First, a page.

With a unanimous vote held Tuesday, France's National Assembly has approved a bill that bans therapies that attempt to alter the sexual orientation or gender identity of a person who identifies as lesbian, gay, bisexual, or transgender.

Such therapies go by names such as “conversion therapy,” “reparative therapy,” “sexual orientation change efforts” or “ex-gay therapy.”

French President Emmanuel Macron hailed the vote.

“The law prohibiting conversion therapy is adopted unanimously! Let’s be proud, these unworthy practices have no place in the Republic. Because being yourself is not a crime, because there is nothing to be cured,” Macron tweeted.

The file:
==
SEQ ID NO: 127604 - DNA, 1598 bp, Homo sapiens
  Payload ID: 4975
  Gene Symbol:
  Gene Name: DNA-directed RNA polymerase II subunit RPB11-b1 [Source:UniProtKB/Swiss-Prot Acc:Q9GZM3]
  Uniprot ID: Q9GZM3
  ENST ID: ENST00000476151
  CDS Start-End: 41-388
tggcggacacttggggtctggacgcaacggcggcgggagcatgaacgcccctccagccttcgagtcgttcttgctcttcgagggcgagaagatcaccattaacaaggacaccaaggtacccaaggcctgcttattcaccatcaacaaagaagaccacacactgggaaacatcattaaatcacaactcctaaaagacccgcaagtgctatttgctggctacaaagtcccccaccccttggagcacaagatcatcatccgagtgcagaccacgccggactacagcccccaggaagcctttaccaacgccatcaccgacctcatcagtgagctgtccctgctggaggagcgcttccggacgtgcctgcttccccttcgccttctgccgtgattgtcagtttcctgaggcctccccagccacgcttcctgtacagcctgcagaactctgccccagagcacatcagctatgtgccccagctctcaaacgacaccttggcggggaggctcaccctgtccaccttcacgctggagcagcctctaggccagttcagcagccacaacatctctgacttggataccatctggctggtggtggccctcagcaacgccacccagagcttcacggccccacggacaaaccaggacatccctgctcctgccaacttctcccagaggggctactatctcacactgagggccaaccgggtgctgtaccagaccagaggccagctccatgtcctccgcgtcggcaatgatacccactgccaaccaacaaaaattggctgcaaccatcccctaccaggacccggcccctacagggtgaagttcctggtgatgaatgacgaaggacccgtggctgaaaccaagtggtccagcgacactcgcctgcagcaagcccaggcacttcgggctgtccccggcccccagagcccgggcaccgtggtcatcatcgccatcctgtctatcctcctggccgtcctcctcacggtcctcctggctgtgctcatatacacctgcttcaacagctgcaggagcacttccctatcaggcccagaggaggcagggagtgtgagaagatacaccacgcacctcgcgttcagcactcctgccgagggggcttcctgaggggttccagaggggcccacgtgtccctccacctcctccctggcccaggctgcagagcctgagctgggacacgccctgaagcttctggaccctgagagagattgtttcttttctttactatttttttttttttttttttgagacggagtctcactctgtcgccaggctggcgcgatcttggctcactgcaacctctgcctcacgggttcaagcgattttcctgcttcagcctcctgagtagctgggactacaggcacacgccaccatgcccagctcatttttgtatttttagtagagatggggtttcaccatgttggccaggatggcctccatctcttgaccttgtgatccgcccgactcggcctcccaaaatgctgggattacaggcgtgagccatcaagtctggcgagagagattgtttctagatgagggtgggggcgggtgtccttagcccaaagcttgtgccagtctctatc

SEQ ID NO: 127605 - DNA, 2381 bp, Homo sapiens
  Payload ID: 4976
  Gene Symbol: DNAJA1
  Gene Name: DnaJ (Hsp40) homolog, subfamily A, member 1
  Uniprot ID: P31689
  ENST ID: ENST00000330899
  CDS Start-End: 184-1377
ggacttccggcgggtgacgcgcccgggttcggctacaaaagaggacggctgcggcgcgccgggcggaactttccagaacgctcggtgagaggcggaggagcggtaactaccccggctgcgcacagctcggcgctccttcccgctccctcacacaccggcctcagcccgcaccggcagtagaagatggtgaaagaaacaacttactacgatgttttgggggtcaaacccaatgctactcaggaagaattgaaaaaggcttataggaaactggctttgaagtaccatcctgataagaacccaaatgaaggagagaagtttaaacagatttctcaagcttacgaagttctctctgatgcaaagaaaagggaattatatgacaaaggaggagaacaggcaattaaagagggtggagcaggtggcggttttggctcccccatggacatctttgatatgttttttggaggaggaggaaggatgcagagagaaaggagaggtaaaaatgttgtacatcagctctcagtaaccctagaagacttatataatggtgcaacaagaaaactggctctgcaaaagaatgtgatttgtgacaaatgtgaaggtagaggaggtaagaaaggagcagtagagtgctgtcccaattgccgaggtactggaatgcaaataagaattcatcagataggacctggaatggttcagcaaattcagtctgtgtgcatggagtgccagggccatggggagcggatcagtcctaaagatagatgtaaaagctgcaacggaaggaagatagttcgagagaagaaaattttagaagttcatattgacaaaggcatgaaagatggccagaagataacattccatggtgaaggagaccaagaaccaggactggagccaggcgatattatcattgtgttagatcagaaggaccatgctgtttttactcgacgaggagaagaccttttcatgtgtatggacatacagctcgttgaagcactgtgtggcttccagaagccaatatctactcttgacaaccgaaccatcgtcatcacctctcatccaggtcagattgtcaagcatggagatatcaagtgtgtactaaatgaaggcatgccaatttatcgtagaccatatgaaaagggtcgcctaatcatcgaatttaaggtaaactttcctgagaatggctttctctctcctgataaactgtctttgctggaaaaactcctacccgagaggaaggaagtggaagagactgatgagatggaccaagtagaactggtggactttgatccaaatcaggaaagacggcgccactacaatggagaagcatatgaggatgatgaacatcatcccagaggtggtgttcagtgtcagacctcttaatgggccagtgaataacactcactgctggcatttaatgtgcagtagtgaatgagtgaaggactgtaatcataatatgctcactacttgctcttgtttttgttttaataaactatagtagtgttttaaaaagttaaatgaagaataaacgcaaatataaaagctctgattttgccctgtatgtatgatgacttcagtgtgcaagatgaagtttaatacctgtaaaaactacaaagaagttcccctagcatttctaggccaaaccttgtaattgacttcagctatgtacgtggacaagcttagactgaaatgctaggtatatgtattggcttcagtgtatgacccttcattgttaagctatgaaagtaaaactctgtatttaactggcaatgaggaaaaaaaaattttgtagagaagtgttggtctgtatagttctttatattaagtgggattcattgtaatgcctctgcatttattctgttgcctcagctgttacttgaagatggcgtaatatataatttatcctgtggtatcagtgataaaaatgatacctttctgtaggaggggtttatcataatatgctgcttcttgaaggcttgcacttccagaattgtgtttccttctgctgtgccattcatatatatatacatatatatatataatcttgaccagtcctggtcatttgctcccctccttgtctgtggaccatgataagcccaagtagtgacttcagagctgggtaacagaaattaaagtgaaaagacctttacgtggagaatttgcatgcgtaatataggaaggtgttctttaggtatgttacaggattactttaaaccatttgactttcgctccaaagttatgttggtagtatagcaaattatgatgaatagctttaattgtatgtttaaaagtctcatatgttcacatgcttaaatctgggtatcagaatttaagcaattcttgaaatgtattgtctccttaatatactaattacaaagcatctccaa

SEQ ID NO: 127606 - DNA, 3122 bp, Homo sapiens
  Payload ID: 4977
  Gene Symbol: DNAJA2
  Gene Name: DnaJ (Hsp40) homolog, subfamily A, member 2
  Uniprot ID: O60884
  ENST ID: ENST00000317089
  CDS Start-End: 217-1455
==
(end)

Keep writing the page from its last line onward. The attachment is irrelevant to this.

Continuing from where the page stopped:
According to Reuters, violators face fines of up to $33,810 or two years in jail. A tougher sentence could be imposed if the victim is a minor.

Passage comes just weeks after Canada approved a similar law.

Similar state bills in the United States primarily protect minors. France's law, however, also includes adults and is nationwide.

Other nations that have approved legislation that either partially or fully outlaws such therapies include Brazil, Ecuador, Malta, Albania, and Germany.

Reuters also reported that similar bans have been proposed in at least 11 additional countries, including New Zealand, Mexico, Spain, and Britain.